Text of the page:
RCA certainly investigated and tested the dynatron oscillator circuit before the 24 tube was placed on the market; their senior tube engineers decided that the effect had too much variation from one tube to the next for them to support it as a recommended application. Nevertheless, Crosley used it anyway. When RCA fixed the problem in the 24A and discontinued the 24, a lot of Crosley owners were left high and dry. Crosley sued, but RCA successfully argued that since they never supported dynatron operation of the 24 in the first place, they were not obligated to support it in the 24A. Fortunately, in most cases it was just a matter of changing a resistor or two to get a 24A to oscillate in those radios.

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 Post subject: Re: Never seen a 24 like this. Early type??
PostPosted: May Mon 27, 2019 12:01 am 
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The 'Mighty Mite' superheterodyne receiver found in the March 1931 issue of Radio News used a dynatron oscillator:

https://www.americanradiohistory.com/Archive-Radio-News/30s/Radio-News-1931-03-R.pdf

Circuit:

Image

Chuck Braun wrote:
Isn't there a Crosley radio which uses a 24 that oscillates by design, so use of a 24A will render the oscillator dead on this set? I believe that the oscillator circuit in the Crosley was known as a "dynatron" and was used in model 122.


The circuit of the Crosley 122 does indeed use a dynatron oscillator. The circuit is here:

http://www.nostalgiaair.org/pagesbymodel/410/M0043410.pdf

Chris108 wrote:

RCA certainly investigated and tested the dynatron oscillator circuit before the 24 tube was placed on the market; their senior tube engineers decided that the effect had too much variation from one tube to the next for them to support it as a recommended application. Nevertheless, Crosley used it anyway. When RCA fixed the problem in the 24A and discontinued the 24, a lot of Crosley owners were left high and dry. Crosley sued, but RCA successfully argued that since they never supported dynatron operation of the 24 in the first place, they were not obligated to support it in the 24A. Fortunately, in most cases it was just a matter of changing a resistor or two to get a 24A to oscillate in those radios.


On the other hand:

radiotechnician wrote:

A 32 makes a dandy dynatron.



The Mighty Mite used a 32 tube for the oscillator.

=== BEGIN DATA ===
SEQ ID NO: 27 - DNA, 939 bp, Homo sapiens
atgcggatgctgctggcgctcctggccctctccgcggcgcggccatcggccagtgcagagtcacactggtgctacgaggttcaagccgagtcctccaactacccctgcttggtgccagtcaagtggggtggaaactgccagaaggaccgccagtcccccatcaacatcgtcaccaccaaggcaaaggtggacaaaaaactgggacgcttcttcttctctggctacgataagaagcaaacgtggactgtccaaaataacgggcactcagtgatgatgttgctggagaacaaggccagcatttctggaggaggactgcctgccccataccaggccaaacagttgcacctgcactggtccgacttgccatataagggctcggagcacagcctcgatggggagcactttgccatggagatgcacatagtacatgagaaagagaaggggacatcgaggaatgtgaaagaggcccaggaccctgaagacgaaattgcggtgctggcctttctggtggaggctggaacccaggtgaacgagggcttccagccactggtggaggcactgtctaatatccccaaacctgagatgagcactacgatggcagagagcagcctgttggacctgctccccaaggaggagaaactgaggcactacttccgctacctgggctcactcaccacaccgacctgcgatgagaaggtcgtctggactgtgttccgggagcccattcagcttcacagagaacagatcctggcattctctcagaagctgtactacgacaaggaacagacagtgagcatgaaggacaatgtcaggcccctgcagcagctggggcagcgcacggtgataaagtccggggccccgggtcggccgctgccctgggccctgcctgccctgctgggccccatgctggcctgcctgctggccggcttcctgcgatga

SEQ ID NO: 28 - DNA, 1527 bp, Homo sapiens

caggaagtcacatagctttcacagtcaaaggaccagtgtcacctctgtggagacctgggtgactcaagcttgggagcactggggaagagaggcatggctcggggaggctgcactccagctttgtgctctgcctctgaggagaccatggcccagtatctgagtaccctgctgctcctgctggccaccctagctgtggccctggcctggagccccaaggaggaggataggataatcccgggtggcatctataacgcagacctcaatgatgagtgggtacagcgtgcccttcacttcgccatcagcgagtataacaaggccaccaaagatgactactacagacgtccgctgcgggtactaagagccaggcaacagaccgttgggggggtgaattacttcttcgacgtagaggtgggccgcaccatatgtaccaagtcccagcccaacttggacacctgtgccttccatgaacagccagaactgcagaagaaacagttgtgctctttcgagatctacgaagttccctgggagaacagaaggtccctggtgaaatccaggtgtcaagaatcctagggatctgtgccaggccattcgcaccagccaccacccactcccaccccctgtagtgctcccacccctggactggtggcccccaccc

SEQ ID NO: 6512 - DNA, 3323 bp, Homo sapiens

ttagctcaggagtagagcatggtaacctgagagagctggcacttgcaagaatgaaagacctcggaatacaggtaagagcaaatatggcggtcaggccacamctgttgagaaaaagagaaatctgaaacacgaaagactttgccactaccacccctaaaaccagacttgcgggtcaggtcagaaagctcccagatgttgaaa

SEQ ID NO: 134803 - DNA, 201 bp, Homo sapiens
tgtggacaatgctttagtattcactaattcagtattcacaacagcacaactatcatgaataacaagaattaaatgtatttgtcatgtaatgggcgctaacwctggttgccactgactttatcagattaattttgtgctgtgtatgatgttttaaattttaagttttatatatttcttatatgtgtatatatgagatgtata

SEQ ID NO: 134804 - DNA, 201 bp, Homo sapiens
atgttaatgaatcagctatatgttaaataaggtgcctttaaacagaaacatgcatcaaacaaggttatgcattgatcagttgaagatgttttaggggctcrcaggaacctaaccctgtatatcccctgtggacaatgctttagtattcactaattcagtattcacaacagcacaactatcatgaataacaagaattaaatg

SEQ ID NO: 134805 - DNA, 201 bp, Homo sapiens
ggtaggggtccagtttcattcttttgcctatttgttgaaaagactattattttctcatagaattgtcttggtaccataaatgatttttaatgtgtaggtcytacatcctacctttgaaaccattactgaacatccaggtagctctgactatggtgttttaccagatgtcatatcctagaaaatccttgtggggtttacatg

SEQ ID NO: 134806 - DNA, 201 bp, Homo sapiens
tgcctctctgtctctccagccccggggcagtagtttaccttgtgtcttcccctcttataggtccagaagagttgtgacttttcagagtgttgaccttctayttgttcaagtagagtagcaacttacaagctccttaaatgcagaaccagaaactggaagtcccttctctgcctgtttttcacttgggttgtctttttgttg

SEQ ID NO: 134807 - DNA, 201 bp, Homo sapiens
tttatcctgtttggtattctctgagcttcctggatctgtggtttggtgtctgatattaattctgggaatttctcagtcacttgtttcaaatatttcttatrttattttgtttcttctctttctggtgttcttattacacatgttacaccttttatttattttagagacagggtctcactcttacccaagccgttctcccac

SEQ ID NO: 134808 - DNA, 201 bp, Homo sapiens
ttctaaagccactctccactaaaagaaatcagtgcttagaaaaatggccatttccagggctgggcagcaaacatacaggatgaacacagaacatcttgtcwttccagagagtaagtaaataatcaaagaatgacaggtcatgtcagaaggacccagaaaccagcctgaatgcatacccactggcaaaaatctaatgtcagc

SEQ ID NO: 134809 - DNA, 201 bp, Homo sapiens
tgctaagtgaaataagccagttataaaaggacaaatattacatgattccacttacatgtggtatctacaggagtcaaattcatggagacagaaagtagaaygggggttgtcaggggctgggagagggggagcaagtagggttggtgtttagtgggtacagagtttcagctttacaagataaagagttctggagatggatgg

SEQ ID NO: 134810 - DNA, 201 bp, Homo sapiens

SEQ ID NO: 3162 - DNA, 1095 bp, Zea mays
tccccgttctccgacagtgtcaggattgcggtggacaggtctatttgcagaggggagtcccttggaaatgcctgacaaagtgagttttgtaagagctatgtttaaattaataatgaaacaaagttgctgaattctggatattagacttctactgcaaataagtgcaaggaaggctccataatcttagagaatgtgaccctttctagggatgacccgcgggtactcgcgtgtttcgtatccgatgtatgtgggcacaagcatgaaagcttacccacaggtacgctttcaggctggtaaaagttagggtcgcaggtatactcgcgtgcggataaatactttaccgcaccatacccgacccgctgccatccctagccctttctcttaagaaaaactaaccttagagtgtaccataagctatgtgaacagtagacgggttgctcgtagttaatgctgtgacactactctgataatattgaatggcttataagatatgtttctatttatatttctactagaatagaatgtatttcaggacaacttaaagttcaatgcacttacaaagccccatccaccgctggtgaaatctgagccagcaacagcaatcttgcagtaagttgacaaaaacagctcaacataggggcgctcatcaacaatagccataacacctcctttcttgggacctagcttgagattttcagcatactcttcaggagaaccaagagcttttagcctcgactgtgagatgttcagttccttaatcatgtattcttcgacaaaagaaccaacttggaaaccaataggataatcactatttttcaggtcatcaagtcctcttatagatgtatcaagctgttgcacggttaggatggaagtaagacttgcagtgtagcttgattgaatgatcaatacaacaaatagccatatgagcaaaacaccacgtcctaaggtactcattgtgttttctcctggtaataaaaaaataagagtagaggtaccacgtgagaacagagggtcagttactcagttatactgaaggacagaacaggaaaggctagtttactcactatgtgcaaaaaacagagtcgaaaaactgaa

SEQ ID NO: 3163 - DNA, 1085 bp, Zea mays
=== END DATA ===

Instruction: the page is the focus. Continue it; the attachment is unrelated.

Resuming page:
Good points to know!

More info here:

http://www.theradioboard.com/rb/viewtopic.php?f=3&t=8753

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Last edited by Norm_N_Tam on May Tue 28, 2019 4:49 am, edited 4 times in total.

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 Post subject: Re: Never seen a 24 like this. Early type??
PostPosted: May Mon 27, 2019 12:56 am 
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RCA did implement Dynatron oscillators using 24's for the scan oscillators in their 1931 television even though the 24A came out in 1930 so they were still experimenting with them.

Darryl


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 Post subject: Re: Never seen a 24 like this. Early type??
PostPosted: May Mon 27, 2019 1:36 am 
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Chris108 wrote:
The perforated part is probably not the plate. It appears to be a shield.

The outer cylinders on most pre-war tetrodes and pentodes are actually connected to the outermost grid -- in this case, the screen grid. If you use a light to look upskirt at most of these tubes, you might be able to see the actual plate, which is about 3/8" to 5/8" in diameter. I think these outer cylinders were used to catch stray electrons.

BTW, this is why many manufacturers' schematics show two connected grids on either side of the plate, like on V1, V2 and V3 of the schematic Norm_N_Tam posted above.


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 Post subject: Re: Never seen a 24 like this. Early type??
PostPosted: May Mon 27, 2019 1:58 am 
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Chris108 wrote:
The perforated part is probably not the plate. It appears to be a shield.
Correct. I have a de-based early version that the shield is coiled like a grid structure. The grid cap is raw brass rather than nickle plated. I do have the base but as yet not decided what method to re-attach. There are no lumps of adhesive left to glue down the bulb.

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 Post subject: Re: Never seen a 24 like this. Early type??
PostPosted: Jun Tue 11, 2019 12:00 pm 
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Quote:
The outer cylinders on most pre-war tetrodes and pentodes are actually connected to the outermost grid -- in this case, the screen grid. If you use a light to look upskirt at most of these tubes, you might be able to see the actual plate, which is about 3/8" to 5/8" in diameter. I think these outer cylinders were used to catch stray electrons.

BTW, this is why many manufacturers' schematics show two connected grids on either side of the plate, like on V1, V2 and V3 of the schematic Norm_N_Tam posted above.


That's right. With five pins and the top cap already claimed for other elements, there is no external connection for a shield. But in most RF and IF circuits, screen grids are well bypassed to ground to keep the tubes stable. So by connecting the outer shield around the plate to the screen grid, the shield is also effectively grounded for RF purposes.